Harbour Swimming

Swimming in Halifax Harbour and the Northwest Arm

These images from Halifax's past show how the City supported recreational swimming on its ocean beaches with docks and lifeguards, and earlier "Bathing Houses."

 Earlier "bathing" facilities

With much of the Northwest Arm the preserve of private clubs and estates, public bathing houses were popular recreational destinations. Many city-dwellers took the tram down to the bottom of Quinpool Road to swim off Horseshoe Island.

Black and white image of Bathers enjoy the waters of Northwest Arm at Horseshoe Island on Regatta Day, 1912 [102-106-1-7 (cropped from original)]

Bathers in Northwest Arm near Horseshoe Island on Regatta Day, 1912. HMA 102-106-1-7

Plans for the Bathing Beach at Horseshoe Island, 1926

Black and white site plan for bathing beach at Horseshoe Island, 1926.

Plan for Bathing Beach at Horseshoe Island, 1926. HMA 102-39P-CC-8-5920

The Municipal Archives also holds plans for bathing houses from the 1870s and 1890s at Chain Rocks and off "the North Ferry Dock," where the Dockyards are now. These earlier municipal changing facilities probably encouraged hygiene as much as later efforts supported fitness and recreation.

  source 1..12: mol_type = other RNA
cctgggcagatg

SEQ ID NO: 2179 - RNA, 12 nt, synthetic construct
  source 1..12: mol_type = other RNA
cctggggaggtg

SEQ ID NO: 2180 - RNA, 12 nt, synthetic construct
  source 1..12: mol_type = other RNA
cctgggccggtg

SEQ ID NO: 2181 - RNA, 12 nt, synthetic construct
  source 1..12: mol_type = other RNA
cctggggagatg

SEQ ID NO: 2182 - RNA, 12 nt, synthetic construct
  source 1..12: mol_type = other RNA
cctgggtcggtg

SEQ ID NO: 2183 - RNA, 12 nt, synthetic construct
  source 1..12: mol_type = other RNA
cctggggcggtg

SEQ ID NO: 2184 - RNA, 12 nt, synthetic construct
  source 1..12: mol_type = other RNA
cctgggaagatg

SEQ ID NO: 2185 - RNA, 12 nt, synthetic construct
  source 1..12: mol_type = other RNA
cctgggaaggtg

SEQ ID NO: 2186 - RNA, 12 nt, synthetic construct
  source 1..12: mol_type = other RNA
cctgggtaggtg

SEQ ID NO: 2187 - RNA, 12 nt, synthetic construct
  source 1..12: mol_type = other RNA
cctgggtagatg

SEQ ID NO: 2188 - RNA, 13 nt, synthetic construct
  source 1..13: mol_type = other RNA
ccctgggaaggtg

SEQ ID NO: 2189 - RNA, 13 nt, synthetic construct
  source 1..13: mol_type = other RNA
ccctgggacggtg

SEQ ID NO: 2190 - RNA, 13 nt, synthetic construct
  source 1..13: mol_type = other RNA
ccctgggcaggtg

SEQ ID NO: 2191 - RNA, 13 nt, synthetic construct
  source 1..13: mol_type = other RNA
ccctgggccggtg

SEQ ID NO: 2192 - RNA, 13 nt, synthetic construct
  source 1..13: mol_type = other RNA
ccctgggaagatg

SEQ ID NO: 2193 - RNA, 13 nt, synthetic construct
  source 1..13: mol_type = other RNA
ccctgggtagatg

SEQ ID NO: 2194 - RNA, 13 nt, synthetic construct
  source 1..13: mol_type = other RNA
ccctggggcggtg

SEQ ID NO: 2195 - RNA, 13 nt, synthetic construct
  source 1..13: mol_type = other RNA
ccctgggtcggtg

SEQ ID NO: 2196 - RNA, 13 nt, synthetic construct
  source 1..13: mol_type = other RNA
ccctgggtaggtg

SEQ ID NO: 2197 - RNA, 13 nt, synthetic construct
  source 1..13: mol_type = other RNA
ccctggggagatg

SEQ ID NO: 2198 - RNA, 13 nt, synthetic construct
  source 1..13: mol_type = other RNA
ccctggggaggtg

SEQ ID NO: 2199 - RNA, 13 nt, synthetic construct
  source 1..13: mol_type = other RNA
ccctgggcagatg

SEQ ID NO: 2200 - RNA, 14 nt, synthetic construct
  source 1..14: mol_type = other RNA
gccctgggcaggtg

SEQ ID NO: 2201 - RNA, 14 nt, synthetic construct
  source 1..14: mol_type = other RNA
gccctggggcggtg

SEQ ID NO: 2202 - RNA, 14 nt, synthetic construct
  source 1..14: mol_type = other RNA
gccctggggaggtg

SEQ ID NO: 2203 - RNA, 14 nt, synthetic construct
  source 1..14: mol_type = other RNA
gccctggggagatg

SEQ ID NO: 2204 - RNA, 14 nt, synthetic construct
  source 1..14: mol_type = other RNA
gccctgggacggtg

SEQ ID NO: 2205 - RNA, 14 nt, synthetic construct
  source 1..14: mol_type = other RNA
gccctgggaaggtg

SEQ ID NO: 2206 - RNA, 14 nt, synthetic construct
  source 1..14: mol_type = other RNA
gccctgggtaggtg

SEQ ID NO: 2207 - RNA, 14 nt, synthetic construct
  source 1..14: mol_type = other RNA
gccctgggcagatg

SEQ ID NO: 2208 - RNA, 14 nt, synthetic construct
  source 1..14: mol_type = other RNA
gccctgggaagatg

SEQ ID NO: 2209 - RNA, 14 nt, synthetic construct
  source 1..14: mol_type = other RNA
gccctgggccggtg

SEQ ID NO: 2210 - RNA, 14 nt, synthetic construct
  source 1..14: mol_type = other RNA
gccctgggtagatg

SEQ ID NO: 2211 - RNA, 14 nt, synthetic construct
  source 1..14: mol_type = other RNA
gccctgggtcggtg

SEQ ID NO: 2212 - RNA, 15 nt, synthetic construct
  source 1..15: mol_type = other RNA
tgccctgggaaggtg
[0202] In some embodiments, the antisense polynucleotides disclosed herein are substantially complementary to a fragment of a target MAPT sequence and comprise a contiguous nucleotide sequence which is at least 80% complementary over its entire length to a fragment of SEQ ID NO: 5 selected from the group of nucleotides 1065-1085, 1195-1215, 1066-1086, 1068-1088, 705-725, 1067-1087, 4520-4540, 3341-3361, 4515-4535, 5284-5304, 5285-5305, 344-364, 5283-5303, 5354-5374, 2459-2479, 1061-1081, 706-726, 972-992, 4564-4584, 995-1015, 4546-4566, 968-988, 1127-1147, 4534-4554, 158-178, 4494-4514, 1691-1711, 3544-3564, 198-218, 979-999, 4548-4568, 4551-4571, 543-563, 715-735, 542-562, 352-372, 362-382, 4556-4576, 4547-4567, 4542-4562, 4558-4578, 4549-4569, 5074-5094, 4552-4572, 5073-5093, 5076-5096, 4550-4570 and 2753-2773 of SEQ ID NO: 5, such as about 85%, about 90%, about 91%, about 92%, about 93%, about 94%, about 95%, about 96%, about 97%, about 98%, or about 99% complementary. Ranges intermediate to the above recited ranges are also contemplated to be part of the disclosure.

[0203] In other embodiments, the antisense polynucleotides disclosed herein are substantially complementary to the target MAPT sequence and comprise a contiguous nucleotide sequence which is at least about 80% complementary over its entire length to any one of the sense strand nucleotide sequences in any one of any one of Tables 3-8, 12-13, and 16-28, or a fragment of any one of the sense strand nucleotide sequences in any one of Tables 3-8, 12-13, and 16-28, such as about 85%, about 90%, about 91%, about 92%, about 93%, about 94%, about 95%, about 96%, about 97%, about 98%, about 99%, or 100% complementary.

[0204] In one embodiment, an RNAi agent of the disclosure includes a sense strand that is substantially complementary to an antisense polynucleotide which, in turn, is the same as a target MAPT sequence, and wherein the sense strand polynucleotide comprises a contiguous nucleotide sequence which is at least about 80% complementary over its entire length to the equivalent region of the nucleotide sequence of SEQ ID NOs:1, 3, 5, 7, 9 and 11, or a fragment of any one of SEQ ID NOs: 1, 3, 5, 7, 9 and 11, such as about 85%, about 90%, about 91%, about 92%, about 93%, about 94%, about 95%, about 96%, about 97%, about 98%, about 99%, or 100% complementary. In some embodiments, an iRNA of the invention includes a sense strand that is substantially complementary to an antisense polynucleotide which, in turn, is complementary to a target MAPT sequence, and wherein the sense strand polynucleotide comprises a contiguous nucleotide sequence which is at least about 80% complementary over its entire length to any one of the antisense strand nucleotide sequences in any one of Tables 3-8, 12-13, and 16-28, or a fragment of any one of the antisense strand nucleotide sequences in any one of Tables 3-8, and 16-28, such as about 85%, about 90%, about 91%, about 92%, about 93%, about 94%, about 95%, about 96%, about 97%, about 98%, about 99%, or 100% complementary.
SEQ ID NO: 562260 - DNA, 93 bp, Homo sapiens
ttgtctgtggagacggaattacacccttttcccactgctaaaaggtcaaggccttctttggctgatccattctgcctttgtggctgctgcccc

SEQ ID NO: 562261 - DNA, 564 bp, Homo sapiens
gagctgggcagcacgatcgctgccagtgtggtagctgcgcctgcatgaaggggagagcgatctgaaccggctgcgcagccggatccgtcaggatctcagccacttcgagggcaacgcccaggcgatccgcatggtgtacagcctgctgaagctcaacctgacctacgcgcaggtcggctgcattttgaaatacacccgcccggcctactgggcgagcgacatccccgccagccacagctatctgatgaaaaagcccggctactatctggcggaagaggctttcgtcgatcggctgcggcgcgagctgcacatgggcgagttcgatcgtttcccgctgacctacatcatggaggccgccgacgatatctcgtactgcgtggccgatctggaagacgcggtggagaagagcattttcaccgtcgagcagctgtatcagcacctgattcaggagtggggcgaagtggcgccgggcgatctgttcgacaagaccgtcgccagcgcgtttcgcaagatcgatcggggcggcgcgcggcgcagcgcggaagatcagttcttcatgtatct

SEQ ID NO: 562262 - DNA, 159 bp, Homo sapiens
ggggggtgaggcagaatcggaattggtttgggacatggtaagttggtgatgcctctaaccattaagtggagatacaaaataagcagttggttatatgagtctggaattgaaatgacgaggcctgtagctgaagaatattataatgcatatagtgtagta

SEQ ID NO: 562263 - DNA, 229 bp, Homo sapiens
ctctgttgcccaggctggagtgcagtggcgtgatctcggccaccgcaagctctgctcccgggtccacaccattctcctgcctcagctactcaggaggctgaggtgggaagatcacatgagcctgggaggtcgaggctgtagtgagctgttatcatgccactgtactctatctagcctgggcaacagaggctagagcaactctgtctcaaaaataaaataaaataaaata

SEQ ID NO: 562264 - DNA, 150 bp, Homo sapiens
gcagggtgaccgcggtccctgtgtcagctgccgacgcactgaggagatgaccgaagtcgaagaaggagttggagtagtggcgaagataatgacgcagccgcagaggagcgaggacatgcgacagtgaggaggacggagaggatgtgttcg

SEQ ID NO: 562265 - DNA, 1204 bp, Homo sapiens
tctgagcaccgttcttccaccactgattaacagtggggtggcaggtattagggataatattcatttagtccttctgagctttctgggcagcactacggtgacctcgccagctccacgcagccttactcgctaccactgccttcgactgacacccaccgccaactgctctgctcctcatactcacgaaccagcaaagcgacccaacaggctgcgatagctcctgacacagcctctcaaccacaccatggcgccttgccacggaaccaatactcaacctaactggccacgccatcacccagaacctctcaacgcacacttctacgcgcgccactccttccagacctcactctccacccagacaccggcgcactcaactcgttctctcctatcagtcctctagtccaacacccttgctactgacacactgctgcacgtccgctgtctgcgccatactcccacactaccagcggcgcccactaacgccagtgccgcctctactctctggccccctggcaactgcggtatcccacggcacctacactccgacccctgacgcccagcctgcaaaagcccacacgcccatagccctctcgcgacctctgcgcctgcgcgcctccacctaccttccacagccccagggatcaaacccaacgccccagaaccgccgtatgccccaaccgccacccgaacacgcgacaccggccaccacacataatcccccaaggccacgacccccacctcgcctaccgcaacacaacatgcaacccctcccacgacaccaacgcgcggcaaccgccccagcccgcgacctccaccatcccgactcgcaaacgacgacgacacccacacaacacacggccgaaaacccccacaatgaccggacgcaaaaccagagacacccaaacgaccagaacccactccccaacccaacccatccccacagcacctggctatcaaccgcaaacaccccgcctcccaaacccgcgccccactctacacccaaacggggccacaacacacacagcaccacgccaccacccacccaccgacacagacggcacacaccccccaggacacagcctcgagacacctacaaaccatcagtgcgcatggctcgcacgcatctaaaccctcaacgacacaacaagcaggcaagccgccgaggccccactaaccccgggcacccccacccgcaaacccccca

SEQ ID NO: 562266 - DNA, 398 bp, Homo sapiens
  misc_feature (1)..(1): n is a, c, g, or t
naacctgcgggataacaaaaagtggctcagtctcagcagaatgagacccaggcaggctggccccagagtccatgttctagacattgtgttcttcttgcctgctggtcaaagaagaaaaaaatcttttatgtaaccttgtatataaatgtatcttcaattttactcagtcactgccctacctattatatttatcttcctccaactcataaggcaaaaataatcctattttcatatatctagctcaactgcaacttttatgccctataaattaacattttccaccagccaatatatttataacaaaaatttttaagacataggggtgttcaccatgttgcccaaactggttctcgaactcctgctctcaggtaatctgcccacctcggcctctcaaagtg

Black and white architectural plans for bathing house at Horseshoe Island, 1926.

Architectural plan for Bathing House at Horseshoe Island, 1926. HMA 102-39P-CC-8-5921

This City Engineer's Office plan from 1926 shows the locations of the change rooms, swimming platform with diving tower, and the docking wharves. There was capacity for 50 women's and 50 men's changing rooms.